A few weeks later the Prop B/HB1925 sweeps (Austin’s voter initiative to force enforcement of the anti-camping ban) took place from encampments from Great Hills all the way up to Lake Creek.
The folks in these encampments, my own people, [faced] panic, shock, defeat and total and complete loss as they were told [the news of a sweep] after being previously promised by officials [that] they would also be given rehousing in the HEAL Initiative hotels. City of Austin Government [developed alternatives] for the sweeps (to which many were excited)… only to learn these sweeps were initiated by Office of the Governor Greg Abbott who were offering no less traumatic alternatives.
There were no counselors or social workers [offered by the Governor]. There were no trauma informed police officers. There were no non profit organizations [sent to offer help]. There was only myself and two ride or die’s J Chain, and S R Love (Austin Mutual Aid) there to assist or offer any support at all whatsoever. I just happened to catch word of the sweeps around an hour after they began and ran into the [two outreach workers] myself on a bike.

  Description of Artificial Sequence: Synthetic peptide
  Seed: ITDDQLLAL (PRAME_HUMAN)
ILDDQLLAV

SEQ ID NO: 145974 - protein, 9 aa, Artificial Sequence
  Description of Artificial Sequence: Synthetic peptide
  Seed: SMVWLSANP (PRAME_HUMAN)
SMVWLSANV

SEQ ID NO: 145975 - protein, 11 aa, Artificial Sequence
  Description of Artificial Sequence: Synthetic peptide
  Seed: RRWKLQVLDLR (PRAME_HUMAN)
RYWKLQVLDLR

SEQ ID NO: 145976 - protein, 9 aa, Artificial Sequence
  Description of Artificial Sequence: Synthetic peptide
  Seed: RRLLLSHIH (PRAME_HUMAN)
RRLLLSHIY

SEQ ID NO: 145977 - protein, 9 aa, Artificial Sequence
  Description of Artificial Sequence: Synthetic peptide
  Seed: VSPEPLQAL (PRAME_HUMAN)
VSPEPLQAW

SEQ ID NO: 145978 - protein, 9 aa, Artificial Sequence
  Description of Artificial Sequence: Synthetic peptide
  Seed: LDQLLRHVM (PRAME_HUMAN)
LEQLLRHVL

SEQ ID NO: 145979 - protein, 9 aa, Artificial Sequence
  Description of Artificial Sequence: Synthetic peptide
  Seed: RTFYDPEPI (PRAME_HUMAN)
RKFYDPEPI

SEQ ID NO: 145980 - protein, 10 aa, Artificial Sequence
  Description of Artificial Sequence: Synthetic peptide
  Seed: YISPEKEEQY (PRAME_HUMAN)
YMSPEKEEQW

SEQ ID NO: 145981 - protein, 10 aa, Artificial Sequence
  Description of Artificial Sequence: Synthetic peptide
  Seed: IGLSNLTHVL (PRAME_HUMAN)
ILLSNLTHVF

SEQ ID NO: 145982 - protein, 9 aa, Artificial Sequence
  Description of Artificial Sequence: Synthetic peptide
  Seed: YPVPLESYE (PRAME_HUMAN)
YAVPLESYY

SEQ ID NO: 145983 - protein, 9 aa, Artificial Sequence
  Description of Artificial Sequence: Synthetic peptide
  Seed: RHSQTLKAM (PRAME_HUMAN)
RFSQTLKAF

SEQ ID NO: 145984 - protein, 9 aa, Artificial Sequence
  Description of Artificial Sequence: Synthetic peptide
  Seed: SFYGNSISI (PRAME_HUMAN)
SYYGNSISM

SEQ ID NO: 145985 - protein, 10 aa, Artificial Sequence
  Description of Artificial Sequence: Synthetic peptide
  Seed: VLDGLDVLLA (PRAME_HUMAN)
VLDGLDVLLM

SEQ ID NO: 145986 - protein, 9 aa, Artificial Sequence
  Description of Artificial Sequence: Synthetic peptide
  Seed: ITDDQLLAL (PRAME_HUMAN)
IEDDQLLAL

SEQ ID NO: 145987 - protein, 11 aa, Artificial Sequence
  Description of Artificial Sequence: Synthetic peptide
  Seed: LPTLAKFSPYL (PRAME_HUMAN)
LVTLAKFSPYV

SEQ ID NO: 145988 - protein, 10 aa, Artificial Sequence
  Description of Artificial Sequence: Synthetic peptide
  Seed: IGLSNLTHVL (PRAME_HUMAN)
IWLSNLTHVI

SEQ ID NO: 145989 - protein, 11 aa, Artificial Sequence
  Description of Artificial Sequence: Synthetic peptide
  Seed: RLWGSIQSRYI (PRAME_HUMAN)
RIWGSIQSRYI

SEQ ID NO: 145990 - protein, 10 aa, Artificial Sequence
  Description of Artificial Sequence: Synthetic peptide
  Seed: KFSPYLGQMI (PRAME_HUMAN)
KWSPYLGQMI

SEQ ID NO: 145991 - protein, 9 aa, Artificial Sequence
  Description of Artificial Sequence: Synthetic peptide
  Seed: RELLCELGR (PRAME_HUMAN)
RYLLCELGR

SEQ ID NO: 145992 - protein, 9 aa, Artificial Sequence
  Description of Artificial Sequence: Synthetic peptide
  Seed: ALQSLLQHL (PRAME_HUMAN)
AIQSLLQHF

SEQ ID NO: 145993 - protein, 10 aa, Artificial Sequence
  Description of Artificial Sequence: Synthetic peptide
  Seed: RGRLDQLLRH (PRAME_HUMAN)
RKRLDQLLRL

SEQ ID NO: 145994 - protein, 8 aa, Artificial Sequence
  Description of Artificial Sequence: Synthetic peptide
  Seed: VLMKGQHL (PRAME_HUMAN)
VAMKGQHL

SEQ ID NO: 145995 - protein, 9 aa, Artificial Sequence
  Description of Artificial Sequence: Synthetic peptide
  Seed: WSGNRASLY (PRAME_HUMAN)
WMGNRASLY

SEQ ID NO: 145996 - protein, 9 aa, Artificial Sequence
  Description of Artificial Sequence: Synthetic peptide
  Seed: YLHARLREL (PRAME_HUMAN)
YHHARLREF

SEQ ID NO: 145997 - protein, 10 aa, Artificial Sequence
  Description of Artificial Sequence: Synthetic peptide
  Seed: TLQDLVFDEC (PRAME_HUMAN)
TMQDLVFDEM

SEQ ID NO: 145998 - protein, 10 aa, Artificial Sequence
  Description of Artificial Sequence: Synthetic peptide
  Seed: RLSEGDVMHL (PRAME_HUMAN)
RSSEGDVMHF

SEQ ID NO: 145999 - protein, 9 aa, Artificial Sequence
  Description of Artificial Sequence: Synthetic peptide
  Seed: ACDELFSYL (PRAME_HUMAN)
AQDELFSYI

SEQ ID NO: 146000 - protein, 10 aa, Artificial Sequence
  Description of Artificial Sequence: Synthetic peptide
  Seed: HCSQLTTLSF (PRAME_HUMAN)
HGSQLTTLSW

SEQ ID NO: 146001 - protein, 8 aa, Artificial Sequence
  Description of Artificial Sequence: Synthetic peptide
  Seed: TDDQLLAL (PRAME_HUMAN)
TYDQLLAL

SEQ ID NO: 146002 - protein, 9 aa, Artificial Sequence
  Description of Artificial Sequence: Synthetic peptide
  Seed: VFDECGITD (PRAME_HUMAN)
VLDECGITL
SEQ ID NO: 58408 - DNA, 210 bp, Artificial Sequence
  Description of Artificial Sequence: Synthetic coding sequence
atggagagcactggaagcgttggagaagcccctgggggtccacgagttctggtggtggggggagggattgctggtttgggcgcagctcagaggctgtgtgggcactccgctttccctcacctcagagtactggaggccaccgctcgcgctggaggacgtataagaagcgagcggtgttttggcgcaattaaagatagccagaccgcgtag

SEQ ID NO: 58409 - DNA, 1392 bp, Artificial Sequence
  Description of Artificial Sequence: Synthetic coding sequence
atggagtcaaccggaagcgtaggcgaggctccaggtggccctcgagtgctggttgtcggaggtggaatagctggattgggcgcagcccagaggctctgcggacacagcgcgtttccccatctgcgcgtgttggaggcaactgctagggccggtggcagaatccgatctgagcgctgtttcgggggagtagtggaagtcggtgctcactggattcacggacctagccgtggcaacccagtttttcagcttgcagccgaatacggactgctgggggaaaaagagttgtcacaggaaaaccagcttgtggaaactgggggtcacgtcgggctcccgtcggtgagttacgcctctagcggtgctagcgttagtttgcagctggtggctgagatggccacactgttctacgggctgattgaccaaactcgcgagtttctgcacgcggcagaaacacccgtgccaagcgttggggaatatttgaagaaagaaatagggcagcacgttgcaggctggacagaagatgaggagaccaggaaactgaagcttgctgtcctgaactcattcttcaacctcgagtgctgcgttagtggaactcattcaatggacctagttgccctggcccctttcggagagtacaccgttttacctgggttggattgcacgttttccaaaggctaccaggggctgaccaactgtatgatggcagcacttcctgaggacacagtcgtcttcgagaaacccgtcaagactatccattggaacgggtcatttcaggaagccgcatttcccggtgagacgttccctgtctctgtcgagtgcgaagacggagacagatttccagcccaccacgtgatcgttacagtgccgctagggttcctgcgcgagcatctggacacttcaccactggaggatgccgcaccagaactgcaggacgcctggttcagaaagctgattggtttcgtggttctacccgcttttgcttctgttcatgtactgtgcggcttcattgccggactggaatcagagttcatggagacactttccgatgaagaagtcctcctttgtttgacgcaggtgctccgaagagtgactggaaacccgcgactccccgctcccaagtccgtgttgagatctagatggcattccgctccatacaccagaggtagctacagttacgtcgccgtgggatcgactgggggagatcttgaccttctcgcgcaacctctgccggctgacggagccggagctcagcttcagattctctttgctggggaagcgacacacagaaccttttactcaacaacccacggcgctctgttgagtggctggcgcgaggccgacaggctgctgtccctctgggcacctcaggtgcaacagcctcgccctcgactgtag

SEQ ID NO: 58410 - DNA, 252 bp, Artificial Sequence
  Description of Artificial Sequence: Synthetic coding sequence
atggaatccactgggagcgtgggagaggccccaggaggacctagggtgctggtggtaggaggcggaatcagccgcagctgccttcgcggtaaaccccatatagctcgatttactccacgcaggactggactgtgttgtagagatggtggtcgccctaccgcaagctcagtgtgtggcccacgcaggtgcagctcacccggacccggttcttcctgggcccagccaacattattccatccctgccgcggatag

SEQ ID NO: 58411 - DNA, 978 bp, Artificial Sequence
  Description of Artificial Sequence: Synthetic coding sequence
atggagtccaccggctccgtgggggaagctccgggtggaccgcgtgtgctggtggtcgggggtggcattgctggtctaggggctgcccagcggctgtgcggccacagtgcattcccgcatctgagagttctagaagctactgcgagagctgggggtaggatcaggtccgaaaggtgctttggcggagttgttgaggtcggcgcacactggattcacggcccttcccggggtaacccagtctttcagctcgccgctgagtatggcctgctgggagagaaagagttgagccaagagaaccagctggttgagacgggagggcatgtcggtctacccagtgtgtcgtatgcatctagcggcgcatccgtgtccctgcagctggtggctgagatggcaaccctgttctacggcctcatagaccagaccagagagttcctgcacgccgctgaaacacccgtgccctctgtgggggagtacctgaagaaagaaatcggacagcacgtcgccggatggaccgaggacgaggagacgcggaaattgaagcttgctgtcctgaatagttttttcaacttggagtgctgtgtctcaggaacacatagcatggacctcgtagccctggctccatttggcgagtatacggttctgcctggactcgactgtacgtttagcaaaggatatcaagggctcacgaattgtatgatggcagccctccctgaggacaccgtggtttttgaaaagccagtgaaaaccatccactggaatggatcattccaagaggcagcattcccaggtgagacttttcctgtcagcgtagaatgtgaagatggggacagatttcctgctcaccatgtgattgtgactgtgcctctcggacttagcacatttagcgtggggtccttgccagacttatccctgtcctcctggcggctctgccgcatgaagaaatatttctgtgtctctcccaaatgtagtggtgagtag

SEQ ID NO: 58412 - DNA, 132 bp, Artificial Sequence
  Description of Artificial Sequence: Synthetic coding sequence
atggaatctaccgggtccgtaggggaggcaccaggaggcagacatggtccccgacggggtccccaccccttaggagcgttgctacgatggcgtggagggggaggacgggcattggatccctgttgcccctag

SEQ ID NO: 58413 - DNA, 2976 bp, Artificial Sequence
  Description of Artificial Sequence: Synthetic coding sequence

I watched my people weep, scream, protest, deflate into defeated hopelessness. [They] carried what they could carry of the only belongings they had left in this world to adjacent medians and [the] gas station parking lots. [Everything they owned were] in tents under overpasses to begin with because they had nowhere to go and no resources to resolve [their housing situation].
Some were elderly, some disabled, some were veterans of war, some were teens, some were developmentally disabled, some physically handicapped, and most experienced some sort if not many instances of severe trauma in their life [while living under the overpass]. ALL suffered from some form of mental ILLNESS.
All of them watched as a trash compactor destroyed their very homes and most of [their worldly] belongings.
All of them were human beings, just like you reading this right now.